May 30, 2024

I JUST got back from grocery shopping (“la compra“) in the neighborhood. I also went to the snack shop (they ONLY sell snacks) for “supplies” for Sunday’s NFL Football playoffs. And since it was 6pm I also decided to stop for MERIENDA.

I had “café con leche” – coffee with milk – and toast with olive oil and salt. My favorite. Total tab: 1.80€. It’s so incredibly cheap that today I asked the bar guy if it was the correct price. I said something like, “That’s for BOTH the coffee and the toast with olive oil?” and he said, “Yes. Why? What’s wrong?” and I said, “Nothing. I thought it was more,” not wanting to admit that I thought the price was cheap. I would’ve been happy paying twice that amount!

What is Merienda? According to the Wikipidia page on Merienda:

Spanish: “La merienda es la comida que se toma antes de la cena, a media tarde. Suele tomarse una pieza de pan con embutido, pastas o bollería, acompañado de alguna bebida, fría o caliente, como café, batido, chocolate caliente o leche, entre otros.”

English: “Merienda is the mid-afternoon meal taken before dinner. Some eat a peice of bread with hams, sweets or rolls, and often acompanied with a drink, hot or cold, like coffee, milkshake, hot chocolate or milk, among many.”

Merienda is definitely an acquired custom. But if someone is having lunch at 2pm and dinner at 10pm – like ANY good Spaniard would – a light mid-afternoon snack is a necessity at around 6pm.

Children nearly ALWAYS have merienda upon leaving school at 5pm or thereabouts. You see them being led by their parents with one hand while with their other hand they’re munching on a small sandwich or drinking from small plastic bottle. Crummy faces they have or liquids dripping off their chins while on their way home.

Older people also have merienda in the late afternoon. You see groups of (mainly) older women in their 70s and 80s walking very (VERY!) slowly down the sidewalks, SIDE-BY-SIDE 5 abreast, on their way to their favorite bar. For these people bars with tables, space to move around, and an accessible toilet is a must.

It’s the merienda time when these older Spaniards get together to socialize, have an excuse stretch their legs, and to have a small snack – FOR CHEAP. Sometimes I find myself at a bar at 6pm and I’ve always seen these older people sitting there with their coffee and churros/porras or toasted bread with olive oil – “pan tostada con aceite“. They’re absolutely in NO hurry – NOR should they be in a hurry. Sometimes they’re sitting there NOT talking to one another, sometimes they knit, sometimes they watch TV. They’re there for 1 to 2 hours. Total bar tab: 2 Euros per person. Wow. These bars are cleaning up! hehehe…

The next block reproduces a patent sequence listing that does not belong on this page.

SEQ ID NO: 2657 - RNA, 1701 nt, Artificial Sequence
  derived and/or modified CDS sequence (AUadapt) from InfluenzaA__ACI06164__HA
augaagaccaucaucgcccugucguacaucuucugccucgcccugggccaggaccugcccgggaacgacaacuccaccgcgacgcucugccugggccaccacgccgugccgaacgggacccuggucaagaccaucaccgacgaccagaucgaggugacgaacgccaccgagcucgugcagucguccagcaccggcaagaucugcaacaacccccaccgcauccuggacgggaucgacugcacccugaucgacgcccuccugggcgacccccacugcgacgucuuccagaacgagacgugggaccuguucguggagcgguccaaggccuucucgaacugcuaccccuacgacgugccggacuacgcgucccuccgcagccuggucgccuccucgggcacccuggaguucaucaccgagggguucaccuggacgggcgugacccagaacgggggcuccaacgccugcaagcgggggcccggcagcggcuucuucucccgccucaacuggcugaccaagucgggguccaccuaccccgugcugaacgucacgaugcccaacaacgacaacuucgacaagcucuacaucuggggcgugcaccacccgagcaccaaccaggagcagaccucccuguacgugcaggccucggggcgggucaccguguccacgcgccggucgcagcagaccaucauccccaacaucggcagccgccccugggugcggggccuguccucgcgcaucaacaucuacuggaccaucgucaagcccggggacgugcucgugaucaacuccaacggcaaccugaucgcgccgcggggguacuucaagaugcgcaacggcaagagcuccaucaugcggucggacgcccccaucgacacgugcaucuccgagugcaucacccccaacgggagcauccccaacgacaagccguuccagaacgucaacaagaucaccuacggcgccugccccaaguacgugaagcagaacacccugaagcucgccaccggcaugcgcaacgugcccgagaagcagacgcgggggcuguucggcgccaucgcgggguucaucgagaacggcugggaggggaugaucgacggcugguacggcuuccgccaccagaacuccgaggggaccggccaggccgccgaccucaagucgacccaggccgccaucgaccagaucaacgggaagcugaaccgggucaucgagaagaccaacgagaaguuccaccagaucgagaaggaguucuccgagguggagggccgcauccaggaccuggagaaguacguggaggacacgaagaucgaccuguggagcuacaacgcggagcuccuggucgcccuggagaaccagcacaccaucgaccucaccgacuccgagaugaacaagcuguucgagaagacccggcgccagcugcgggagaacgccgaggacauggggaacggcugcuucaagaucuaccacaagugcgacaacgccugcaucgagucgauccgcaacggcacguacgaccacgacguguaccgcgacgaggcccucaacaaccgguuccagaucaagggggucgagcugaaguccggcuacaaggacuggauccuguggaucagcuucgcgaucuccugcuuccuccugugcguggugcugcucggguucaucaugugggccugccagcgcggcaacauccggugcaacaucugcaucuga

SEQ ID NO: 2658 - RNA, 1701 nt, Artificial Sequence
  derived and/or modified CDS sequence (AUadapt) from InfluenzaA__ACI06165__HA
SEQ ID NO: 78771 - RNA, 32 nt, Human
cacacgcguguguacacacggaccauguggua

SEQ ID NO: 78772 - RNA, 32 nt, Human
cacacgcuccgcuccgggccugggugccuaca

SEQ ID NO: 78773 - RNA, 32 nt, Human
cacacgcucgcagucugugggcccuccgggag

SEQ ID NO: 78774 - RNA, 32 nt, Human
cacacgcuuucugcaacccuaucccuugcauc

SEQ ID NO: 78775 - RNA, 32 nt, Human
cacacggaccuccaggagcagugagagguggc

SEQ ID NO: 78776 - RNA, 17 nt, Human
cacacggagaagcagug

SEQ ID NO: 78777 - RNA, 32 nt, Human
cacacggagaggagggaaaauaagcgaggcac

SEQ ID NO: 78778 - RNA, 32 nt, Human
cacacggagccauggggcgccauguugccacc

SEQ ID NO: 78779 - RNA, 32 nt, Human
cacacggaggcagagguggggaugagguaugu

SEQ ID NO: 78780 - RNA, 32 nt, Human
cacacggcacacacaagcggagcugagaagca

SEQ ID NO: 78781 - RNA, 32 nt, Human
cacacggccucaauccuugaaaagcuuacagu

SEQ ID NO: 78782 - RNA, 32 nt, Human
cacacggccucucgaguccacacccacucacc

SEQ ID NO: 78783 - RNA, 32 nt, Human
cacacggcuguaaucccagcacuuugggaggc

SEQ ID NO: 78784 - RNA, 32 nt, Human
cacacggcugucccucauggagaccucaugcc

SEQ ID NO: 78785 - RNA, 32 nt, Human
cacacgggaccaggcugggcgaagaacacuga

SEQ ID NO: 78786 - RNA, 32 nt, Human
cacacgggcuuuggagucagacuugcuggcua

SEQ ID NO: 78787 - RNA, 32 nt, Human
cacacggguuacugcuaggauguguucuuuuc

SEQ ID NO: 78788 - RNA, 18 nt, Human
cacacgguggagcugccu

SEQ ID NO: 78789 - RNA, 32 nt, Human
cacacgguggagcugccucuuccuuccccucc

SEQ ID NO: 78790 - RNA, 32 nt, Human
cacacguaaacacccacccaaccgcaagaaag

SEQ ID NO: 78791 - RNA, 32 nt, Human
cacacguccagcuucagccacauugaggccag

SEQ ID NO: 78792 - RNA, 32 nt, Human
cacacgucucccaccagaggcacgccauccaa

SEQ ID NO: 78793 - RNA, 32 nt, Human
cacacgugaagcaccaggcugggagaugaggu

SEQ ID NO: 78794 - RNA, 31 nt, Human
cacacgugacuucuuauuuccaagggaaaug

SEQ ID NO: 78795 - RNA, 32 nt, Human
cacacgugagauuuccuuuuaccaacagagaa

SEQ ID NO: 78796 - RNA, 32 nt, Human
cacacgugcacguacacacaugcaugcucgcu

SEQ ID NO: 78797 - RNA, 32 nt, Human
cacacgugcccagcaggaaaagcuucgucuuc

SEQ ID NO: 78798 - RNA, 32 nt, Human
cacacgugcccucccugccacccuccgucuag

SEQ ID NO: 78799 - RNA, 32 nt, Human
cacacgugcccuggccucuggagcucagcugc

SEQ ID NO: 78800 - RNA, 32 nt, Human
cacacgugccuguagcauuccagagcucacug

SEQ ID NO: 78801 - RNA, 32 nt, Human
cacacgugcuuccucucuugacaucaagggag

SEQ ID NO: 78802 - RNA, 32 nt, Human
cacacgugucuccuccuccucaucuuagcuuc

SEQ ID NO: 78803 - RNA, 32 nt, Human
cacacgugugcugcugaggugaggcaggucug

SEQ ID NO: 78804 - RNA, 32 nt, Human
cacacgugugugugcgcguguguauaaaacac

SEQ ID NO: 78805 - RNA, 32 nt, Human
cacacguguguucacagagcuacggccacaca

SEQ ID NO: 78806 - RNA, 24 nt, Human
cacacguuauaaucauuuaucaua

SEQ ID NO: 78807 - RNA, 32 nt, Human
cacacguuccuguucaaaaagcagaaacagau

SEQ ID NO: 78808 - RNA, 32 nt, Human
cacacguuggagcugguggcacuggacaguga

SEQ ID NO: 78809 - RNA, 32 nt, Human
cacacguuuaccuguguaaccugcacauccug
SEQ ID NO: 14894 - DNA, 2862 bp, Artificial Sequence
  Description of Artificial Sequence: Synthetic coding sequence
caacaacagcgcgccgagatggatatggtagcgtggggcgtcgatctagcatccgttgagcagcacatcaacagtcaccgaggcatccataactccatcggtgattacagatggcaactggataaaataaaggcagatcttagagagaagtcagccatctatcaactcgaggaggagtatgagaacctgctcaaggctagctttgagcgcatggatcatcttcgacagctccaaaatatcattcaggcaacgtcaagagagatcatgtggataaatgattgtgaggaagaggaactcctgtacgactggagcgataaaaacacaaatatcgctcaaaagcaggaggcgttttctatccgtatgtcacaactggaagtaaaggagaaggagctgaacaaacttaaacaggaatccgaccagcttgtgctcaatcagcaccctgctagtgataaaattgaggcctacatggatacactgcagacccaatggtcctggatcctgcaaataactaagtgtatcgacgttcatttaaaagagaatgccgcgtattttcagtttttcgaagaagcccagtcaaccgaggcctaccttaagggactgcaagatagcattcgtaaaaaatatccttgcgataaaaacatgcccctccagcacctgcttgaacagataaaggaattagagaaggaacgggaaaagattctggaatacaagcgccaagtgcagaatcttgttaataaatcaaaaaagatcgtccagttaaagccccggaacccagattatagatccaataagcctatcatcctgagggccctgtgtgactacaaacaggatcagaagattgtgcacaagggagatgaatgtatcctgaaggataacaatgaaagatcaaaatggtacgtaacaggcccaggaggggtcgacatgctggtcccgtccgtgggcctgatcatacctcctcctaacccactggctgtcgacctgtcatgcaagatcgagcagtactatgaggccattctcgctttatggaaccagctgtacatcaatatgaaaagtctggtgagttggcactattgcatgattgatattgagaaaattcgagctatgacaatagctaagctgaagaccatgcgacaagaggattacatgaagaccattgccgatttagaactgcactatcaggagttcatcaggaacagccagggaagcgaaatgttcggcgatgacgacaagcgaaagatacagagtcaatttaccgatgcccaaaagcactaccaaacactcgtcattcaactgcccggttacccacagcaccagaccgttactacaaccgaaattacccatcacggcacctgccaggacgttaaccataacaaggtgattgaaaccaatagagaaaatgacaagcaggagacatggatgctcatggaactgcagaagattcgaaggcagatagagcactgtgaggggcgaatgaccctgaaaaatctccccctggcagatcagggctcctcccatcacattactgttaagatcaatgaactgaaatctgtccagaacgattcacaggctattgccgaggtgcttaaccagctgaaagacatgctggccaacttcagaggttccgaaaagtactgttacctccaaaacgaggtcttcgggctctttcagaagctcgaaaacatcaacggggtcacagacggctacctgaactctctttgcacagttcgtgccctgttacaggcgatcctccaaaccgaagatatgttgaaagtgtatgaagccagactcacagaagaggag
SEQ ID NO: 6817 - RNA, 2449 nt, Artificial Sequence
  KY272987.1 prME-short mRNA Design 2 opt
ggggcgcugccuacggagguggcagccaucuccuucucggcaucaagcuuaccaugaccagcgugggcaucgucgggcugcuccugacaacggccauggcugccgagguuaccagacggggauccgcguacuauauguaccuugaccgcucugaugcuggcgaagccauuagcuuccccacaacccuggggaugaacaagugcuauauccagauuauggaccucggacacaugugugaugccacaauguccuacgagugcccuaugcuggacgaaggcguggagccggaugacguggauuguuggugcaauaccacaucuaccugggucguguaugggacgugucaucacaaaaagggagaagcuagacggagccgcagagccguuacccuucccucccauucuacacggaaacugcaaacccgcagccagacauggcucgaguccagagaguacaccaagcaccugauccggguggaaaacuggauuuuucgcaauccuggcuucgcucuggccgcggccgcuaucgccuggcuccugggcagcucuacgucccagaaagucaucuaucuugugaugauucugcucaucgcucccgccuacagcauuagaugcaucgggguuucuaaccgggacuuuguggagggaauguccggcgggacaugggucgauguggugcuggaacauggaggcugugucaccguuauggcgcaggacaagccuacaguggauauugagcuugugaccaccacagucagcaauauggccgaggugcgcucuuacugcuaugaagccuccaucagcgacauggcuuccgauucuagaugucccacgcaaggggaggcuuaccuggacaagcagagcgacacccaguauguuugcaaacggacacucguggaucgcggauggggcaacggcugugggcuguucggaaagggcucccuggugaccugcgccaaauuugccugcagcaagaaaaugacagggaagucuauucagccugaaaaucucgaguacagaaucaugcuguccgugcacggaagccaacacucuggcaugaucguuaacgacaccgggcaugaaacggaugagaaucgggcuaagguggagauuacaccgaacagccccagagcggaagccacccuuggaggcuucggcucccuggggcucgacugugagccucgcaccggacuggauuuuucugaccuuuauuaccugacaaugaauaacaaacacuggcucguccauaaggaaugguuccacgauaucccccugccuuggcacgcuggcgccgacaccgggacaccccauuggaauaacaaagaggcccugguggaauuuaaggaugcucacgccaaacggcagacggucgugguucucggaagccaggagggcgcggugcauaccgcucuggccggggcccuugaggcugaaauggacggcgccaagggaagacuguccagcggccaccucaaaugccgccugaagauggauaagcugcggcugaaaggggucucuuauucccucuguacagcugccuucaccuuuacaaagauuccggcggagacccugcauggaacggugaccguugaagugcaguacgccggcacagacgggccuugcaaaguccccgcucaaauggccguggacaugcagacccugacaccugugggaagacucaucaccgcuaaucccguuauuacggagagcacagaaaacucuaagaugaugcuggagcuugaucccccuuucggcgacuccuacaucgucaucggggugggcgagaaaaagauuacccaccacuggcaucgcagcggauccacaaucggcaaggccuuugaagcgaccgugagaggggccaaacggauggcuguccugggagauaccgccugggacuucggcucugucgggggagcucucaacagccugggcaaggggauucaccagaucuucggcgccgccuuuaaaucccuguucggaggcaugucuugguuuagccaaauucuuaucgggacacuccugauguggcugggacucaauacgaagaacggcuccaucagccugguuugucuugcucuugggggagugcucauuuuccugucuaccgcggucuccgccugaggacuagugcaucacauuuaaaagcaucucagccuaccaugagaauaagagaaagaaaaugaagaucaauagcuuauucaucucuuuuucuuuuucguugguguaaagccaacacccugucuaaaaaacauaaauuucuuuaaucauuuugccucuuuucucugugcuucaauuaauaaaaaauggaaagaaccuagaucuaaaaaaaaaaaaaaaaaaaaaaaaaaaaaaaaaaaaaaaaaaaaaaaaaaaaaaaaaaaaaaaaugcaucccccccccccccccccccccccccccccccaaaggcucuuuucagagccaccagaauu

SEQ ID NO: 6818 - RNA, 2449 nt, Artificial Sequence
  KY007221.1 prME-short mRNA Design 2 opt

It’s a charming scene seeing these older women all together, chit-chatting, this possibly being their only opportunity to see their friends or to leave the house each day. These are all retired women, housewives, or widows. Men less commonly go out together for merienda – or possibly because men tend to die younger or are less mobile at this age and are less likely to leave the house.

What you DON’T usually see in bars having merienda is/are…… ummm.. PEOPLE LIKE ME! hehehe.. By that I mean that A) it’s less common to see foreigners having merienda. And B) people between the ages of 20 and 70 are too busy at this hour to stop for a casual coffee and snack. They’re working or at home watching TV.

I really think, or fear, the merienda custom will no longer exist after this older generation passes on. I can’t imagine today’s busy 20, 30, 40, 50, and even 60-somethings will be going out with their friends for coffee at the local bar once they reach retirement age. I hope I’m wrong. But particularly with today’s 20 and 30-somethings whom are breaking all the rules and customs, those whom are truly transforming the “typical Spanish life” what with all their distractions of television, computer/internet, and videogames to keeping them indoors at home. Imagine how the world will be in 30 or 40 years when these people are “pensionistas“!

Let’s enjoy the custom of Merienda while we have it – at least those whom CAN enjoy it. (like me!!)

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4 thoughts on “Merienda: Not for everyone

  1. I fear you may well be right with your predictions of the demise of this tradition. I also think we may well see the small independant markets going this way too.
    In my brief time in Madrid (from about 2001) the one I know best opposite La Vaguada in Barrio del Pilar, has shrunk to one floor only and seems quieter by the day.
    Let’s hope not though.

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